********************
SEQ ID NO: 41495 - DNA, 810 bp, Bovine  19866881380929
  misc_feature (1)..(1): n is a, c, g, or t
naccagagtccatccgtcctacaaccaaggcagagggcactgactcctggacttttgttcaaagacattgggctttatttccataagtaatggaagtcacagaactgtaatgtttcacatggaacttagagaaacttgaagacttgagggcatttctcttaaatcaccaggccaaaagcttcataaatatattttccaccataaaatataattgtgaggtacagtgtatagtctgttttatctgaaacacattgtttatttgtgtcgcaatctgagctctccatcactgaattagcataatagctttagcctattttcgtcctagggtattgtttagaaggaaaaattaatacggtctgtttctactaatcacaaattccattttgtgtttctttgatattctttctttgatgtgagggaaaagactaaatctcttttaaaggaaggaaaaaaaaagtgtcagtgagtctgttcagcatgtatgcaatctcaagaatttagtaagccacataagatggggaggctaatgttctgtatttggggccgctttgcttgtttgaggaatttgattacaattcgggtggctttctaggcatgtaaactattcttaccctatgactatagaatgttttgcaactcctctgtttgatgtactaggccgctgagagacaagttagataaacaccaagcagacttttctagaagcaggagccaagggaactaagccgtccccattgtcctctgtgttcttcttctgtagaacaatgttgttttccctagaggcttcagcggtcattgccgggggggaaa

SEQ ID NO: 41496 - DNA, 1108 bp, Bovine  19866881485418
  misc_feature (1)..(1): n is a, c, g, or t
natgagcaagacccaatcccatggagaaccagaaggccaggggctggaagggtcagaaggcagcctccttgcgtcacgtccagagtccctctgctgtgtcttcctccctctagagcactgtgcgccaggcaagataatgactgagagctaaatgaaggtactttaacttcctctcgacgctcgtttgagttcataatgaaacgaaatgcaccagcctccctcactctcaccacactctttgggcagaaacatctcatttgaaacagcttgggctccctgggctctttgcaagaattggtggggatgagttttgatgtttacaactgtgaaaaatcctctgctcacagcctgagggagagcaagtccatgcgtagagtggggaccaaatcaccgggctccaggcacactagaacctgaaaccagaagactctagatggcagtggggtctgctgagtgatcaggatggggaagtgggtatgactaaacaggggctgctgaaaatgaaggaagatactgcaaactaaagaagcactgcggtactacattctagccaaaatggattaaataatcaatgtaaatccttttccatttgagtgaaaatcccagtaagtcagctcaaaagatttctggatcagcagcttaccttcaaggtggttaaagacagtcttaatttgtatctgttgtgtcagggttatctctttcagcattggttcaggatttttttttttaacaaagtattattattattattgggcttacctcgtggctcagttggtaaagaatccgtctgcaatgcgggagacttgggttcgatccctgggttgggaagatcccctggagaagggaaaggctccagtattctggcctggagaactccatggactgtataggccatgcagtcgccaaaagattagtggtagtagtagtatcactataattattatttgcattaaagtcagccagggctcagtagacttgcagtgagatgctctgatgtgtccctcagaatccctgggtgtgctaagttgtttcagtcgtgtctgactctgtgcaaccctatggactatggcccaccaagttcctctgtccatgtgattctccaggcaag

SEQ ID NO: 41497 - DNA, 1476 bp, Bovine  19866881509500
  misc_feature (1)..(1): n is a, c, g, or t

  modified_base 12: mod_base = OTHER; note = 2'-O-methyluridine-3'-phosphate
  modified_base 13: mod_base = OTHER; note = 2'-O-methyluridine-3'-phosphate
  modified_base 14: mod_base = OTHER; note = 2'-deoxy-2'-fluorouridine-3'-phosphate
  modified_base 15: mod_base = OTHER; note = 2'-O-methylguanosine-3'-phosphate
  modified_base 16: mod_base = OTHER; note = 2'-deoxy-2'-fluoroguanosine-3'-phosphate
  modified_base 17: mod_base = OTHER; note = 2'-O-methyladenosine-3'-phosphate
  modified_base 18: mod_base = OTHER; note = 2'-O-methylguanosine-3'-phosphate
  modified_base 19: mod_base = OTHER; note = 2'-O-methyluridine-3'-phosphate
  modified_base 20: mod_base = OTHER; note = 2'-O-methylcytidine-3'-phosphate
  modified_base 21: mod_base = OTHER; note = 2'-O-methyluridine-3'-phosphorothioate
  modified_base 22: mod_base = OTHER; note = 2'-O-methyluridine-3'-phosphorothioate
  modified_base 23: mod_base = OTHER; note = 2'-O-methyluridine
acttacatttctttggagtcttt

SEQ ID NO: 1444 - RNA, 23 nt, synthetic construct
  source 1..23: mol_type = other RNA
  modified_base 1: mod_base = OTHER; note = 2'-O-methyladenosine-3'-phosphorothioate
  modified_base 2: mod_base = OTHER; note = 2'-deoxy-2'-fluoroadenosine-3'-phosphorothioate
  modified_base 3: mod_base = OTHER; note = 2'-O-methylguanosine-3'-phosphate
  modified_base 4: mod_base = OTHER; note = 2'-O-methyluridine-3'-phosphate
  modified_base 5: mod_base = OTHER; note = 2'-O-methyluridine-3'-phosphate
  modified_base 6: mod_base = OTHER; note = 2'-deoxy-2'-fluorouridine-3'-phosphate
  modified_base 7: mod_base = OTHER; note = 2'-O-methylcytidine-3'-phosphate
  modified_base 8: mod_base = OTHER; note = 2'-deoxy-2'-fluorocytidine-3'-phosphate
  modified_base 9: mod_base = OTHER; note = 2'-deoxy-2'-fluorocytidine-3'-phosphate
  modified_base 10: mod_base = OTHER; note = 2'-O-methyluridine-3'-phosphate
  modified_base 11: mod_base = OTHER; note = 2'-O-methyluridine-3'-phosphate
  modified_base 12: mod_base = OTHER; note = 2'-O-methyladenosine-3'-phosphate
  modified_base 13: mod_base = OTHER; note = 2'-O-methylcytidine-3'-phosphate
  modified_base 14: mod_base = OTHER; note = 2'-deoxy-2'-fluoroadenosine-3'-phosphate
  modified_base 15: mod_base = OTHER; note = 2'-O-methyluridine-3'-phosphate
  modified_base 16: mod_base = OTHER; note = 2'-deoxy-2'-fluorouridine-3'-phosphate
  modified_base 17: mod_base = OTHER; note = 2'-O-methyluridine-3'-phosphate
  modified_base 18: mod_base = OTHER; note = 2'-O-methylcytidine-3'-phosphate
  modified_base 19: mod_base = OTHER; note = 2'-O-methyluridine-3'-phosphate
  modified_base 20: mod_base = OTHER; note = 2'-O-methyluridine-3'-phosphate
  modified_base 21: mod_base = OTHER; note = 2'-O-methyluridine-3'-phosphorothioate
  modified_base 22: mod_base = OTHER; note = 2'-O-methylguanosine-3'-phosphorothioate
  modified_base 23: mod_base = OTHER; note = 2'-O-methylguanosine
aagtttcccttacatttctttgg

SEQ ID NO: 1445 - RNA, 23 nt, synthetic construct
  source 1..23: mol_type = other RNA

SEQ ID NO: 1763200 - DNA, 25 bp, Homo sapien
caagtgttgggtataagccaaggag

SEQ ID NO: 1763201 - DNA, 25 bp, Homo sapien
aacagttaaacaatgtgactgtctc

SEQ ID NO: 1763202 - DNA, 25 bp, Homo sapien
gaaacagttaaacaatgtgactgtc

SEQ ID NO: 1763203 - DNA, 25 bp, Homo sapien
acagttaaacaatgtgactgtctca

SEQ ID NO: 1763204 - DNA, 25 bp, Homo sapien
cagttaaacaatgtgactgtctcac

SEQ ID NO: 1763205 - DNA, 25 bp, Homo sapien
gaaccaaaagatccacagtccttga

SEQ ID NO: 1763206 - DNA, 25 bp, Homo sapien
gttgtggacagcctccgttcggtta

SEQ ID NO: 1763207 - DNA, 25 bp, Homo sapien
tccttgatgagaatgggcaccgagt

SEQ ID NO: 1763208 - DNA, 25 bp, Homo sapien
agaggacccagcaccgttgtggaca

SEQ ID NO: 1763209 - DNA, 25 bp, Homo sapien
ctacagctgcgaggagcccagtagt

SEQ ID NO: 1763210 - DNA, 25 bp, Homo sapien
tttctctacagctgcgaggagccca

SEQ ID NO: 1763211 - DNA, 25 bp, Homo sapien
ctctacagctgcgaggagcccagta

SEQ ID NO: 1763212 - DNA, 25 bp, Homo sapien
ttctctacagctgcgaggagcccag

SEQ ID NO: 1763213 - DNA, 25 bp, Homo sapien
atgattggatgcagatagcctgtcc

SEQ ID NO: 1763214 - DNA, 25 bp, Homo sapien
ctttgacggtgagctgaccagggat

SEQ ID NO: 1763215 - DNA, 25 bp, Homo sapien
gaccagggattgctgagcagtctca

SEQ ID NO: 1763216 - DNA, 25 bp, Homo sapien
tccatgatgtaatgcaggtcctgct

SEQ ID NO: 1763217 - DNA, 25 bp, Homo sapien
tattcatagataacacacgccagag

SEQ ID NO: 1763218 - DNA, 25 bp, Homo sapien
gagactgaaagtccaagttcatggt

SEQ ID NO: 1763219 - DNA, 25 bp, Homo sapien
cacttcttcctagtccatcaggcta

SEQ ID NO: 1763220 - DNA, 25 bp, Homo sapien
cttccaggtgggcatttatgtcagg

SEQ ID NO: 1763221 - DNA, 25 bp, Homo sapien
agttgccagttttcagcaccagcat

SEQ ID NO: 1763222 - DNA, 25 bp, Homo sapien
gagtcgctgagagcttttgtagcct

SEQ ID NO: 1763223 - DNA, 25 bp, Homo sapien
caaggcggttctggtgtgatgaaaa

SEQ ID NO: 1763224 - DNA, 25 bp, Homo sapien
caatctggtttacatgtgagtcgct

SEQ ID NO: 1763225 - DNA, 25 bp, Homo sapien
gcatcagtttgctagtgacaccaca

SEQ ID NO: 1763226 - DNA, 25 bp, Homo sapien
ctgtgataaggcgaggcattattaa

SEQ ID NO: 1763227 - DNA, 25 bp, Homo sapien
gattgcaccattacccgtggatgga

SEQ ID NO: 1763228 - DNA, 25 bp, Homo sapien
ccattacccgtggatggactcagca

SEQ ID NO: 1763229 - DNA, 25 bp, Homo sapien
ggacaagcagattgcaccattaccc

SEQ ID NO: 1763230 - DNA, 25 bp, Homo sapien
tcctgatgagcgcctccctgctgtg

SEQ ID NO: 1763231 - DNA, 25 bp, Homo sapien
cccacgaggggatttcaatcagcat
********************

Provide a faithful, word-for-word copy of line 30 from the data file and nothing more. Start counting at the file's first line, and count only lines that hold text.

  modified_base 7: mod_base = OTHER; note = 2'-O-methylcytidine-3'-phosphate